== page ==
Brown pelicans grow to about 50 inches in length with a wingspan of 6 feet and weigh eight to ten pounds. Adults are mostly dark all over their body, with chesnut and white coloring on their neck and a pale yellow forehead. Their large, grayish bill is 9 to 15 inches in length, and there is an elastic throat pouch underneath the bill. Their legs and feet are grayish-black. Juveniles have a brown head and back with whitish underparks.
This bird feeds primarily on fish such as menhaden, herring, sheepshead and silversides and can eat up to 4 pounds of fish per day. It hunts by flying high above the water to find a school of fish, then diving head-first into the water to catch its prey. After catching a fish underwater, pelicans hold it (and a lot of water) in their throat pouch. Once they surface, pelicans point their bill downward to allow the water to drain out and then tilt their bill upward to swallow the fish.
Brown pelicans have no natural predators; their biggest enemies are humans, who have decimated pelican populations in the past.
Flocks of brown pelicans fly in a long, straight line or a V formation with synchronized wingbeats and gliding. Sometimes a pelican will fly low over the water’s surface, almost touching it with its wingtips. It flies with its neck folded and head resting on its back.
Adults are silent, with a rare low croak; nestlings squeal.
Reproduction and Life Cycle
Breeding typically begins at age three to five years. Pelicans organize in large colonies on the ground, in bushes or in the tops of trees. The male brings nest materials to the female, who builds the nest. Females usually lay two to three chalky white eggs between March and May. Unlike most birds, pelicans incubate their eggs with their feet. Parents share the responsibility of incubating the eggs, which hatch in about a month, and raising the young. Pelicans are born blind, featherless and entirely dependent on their parents. First flight usually occurs around 75 days old.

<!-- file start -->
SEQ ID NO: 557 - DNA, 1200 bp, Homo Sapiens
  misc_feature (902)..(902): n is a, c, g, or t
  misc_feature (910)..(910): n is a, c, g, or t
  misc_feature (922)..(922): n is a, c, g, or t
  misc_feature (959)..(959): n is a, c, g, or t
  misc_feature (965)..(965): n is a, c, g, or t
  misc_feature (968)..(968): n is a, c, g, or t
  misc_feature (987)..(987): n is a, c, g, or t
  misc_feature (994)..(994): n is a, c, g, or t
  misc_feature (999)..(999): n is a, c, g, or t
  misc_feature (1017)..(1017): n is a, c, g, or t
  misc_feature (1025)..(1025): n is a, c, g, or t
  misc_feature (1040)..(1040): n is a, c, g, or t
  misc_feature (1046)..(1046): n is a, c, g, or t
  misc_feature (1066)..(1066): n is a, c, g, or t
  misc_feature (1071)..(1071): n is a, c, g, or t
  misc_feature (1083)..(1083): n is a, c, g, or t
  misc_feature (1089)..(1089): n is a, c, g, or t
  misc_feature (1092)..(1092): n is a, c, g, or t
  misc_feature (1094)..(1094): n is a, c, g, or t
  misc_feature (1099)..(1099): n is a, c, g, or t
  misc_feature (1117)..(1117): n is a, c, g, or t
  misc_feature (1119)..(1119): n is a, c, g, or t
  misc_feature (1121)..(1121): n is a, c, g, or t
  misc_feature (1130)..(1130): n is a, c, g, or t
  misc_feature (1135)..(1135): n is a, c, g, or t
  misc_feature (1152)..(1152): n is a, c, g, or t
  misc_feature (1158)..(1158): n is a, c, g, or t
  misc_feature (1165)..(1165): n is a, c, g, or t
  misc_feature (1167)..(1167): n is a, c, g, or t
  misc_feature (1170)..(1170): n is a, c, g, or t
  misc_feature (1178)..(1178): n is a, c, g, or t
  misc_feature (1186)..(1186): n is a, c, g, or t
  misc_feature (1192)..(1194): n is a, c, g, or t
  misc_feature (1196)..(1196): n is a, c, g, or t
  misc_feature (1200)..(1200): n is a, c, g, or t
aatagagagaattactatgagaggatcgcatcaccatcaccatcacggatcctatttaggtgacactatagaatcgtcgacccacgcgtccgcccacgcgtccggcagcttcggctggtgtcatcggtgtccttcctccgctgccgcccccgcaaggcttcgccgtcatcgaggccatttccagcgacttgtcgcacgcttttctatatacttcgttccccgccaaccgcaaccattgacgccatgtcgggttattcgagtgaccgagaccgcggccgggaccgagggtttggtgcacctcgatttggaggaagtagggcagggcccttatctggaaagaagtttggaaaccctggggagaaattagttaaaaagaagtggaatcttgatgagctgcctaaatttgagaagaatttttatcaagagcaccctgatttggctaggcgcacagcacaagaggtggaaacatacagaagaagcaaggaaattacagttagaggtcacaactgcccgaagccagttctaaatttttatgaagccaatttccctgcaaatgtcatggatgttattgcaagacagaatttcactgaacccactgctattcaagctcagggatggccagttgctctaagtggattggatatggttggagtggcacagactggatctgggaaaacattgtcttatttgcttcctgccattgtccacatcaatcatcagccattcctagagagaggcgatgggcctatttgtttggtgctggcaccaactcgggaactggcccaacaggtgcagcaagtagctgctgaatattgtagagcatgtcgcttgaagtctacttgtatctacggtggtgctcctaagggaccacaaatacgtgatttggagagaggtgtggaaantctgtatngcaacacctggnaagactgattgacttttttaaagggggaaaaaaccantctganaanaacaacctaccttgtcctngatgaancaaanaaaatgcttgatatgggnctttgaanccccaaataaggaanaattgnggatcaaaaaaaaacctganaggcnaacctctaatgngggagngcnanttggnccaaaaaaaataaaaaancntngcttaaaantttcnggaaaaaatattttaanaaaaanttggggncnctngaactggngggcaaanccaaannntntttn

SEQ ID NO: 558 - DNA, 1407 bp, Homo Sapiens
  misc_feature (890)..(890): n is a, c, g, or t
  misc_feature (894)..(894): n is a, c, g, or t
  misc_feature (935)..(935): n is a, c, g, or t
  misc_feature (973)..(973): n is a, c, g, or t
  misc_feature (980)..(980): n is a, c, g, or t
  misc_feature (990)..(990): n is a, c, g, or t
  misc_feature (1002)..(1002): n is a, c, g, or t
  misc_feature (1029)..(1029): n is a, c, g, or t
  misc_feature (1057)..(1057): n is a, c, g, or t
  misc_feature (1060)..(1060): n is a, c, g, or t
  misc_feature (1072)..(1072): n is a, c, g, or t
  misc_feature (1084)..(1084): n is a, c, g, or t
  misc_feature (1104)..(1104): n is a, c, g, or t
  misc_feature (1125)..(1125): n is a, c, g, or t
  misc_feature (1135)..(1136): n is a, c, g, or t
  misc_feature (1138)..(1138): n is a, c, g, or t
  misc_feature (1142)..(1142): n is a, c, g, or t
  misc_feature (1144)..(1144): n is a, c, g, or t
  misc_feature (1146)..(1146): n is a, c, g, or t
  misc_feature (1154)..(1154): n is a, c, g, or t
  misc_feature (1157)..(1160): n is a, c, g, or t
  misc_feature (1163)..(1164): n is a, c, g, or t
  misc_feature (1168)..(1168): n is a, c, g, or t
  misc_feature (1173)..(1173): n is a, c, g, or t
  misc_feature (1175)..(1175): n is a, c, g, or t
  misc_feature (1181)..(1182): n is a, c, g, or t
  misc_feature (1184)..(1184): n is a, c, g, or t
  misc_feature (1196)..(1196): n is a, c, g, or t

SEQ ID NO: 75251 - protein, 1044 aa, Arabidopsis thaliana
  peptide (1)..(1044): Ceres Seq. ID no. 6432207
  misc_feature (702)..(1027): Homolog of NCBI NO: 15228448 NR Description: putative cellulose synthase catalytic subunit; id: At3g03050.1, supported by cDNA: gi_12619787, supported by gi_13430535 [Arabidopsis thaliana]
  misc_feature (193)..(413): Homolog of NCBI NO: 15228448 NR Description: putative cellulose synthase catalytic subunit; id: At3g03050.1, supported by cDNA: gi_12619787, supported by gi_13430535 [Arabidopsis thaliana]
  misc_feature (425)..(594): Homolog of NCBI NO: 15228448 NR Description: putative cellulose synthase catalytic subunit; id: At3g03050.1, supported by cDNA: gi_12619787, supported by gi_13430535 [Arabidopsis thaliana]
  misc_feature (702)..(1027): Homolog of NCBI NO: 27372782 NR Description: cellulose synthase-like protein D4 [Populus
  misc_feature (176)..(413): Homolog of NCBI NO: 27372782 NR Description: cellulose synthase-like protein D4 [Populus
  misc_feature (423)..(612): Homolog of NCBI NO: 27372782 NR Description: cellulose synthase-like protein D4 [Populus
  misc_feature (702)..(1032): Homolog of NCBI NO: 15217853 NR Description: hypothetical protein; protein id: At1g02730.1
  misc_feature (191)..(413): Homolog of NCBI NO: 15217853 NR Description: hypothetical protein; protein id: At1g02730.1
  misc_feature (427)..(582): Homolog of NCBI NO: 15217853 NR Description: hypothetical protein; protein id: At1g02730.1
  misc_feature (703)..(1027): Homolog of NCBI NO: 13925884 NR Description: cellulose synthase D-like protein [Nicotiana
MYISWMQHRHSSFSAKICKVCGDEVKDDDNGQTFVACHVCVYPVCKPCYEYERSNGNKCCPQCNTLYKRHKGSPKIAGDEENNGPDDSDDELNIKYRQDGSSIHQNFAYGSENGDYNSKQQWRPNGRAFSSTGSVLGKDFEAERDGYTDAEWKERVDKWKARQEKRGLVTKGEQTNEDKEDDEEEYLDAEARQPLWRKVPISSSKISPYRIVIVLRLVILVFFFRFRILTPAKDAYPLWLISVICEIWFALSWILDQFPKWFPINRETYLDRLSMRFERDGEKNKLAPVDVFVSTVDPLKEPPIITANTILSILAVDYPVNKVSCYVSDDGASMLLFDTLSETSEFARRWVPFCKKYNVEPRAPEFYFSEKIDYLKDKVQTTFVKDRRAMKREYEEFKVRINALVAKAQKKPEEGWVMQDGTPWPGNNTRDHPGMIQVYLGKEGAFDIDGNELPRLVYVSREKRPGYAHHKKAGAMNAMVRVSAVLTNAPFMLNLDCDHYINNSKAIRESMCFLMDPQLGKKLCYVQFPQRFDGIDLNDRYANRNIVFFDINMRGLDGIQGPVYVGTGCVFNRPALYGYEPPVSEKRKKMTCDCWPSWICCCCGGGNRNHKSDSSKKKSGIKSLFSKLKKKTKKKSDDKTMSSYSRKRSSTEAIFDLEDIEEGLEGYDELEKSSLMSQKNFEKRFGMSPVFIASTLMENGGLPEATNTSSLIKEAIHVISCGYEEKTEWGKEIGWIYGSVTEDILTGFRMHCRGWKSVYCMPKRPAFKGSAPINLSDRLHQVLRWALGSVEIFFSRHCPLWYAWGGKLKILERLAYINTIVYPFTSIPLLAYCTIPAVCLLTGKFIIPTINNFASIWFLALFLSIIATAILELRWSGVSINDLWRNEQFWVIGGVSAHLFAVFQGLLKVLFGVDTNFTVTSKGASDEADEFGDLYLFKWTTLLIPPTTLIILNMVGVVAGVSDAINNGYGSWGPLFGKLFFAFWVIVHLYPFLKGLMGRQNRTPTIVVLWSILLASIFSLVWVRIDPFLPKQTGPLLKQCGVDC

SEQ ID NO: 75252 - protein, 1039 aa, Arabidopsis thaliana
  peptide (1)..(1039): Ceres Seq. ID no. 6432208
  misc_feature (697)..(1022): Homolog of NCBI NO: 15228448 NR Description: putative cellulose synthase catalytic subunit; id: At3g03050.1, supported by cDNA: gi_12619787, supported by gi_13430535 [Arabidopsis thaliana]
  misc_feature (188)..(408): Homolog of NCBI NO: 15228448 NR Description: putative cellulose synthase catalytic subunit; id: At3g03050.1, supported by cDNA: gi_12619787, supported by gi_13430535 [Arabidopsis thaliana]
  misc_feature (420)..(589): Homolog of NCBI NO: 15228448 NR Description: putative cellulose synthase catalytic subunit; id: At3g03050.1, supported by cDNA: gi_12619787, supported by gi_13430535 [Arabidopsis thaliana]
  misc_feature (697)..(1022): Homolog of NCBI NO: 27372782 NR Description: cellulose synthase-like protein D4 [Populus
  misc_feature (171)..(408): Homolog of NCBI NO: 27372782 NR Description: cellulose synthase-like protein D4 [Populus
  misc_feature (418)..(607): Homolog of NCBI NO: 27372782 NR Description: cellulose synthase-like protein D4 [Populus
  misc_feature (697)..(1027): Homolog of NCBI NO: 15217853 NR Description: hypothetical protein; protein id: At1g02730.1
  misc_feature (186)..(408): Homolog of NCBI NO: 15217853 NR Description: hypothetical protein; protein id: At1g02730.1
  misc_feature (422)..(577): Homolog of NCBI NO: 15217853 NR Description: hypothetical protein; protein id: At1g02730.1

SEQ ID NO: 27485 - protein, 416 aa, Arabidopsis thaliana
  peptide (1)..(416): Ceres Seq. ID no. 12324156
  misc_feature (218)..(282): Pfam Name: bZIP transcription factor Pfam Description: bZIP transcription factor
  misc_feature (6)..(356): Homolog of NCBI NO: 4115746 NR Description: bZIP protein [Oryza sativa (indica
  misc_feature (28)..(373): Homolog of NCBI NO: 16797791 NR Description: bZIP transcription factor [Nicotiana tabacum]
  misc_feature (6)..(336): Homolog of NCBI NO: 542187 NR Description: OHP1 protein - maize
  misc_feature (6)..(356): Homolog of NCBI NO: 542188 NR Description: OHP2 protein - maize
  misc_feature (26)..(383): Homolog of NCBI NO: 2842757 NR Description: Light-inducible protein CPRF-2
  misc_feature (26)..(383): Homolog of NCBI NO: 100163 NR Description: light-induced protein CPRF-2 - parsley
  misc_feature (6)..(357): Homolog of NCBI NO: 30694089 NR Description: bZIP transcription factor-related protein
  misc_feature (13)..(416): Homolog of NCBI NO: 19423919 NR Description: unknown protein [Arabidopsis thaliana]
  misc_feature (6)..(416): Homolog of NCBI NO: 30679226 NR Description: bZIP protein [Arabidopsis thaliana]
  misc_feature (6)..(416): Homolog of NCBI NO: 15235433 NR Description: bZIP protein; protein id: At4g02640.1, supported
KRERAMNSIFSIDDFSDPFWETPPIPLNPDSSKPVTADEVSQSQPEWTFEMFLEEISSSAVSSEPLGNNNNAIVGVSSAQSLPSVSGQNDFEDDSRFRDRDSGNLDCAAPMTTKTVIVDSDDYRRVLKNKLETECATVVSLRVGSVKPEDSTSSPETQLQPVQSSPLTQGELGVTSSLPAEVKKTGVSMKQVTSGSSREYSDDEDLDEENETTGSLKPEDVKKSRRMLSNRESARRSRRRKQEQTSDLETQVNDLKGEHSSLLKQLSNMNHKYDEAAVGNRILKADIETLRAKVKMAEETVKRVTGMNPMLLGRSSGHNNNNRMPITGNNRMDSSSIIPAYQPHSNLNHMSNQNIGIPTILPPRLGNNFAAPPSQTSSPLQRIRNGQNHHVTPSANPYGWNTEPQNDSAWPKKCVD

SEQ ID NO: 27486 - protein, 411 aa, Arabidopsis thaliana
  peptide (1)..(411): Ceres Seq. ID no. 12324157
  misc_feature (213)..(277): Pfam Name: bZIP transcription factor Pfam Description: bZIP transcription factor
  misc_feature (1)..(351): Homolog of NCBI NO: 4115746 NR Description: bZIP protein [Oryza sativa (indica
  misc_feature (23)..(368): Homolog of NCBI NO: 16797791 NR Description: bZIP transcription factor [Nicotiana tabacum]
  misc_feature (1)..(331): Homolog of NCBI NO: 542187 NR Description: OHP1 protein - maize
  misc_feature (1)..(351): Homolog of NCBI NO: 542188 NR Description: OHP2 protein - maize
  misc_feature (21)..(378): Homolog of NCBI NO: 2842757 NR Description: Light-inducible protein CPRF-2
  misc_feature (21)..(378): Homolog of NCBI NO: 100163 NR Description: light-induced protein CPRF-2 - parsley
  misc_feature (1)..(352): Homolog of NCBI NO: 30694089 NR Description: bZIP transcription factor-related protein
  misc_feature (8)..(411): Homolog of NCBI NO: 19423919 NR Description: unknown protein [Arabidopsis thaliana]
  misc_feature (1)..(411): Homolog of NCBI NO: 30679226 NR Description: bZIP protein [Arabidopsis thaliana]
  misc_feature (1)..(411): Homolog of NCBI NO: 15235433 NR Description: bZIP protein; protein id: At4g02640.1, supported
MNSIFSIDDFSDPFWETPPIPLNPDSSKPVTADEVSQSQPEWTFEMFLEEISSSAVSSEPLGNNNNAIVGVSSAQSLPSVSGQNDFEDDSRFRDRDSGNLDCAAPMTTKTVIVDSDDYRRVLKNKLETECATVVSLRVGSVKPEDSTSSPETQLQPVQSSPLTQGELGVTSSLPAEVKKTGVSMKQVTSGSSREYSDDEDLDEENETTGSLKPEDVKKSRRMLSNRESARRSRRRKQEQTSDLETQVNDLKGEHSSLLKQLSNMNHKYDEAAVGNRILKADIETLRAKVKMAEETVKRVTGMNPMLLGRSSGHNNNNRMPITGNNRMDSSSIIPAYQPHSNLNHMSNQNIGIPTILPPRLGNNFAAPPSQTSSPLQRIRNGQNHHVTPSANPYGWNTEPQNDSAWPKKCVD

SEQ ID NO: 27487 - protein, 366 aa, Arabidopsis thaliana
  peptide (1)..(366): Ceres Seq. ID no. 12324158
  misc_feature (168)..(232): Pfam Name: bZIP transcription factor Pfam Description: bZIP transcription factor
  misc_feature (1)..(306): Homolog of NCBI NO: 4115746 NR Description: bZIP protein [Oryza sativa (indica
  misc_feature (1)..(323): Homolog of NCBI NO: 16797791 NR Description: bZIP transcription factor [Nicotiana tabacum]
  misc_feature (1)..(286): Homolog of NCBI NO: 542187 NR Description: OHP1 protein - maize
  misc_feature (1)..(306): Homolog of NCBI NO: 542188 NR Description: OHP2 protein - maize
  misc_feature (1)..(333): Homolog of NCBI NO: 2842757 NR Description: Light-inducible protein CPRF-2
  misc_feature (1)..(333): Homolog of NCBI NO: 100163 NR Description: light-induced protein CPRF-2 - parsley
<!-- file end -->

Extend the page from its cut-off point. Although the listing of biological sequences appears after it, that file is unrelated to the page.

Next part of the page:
Did You Know?
- The brown pelican is the smallest pelican species in the world.
- Brown pelicans have excellent eyesight, giving them the ability to spot schools of fish from high up in the air.
- A pelican’s throat pouch can hold up to three times more than its stomach.
- Brown pelicans are very strong swimmers. Young pelicans have been tracked swimming three miles per hour before they are even able to fly.
- The use of the pesticide DDT in the mid-20th century caused populations of brown pelicans and other birds, including ospreys and bald eagles, to decline significantly. After DDT was banned in 1972, pelicans began to thrive again.
Sources and Additional Information
- Life in the Chesapeake Bay by Alice Jane Lippson and Robert L. Lippson
- Chesapeake Bay: Nature of the Estuary, A Field Guide by Christopher P. White
- Animal Diversity Web: Pelecanus occidentalis – University of Michigan Museum of Zoology
- All About Birds: Brown Pelican – The Cornell Lab of Ornithology
- NatureWorks: Brown Pelican – New Hampshire Public Television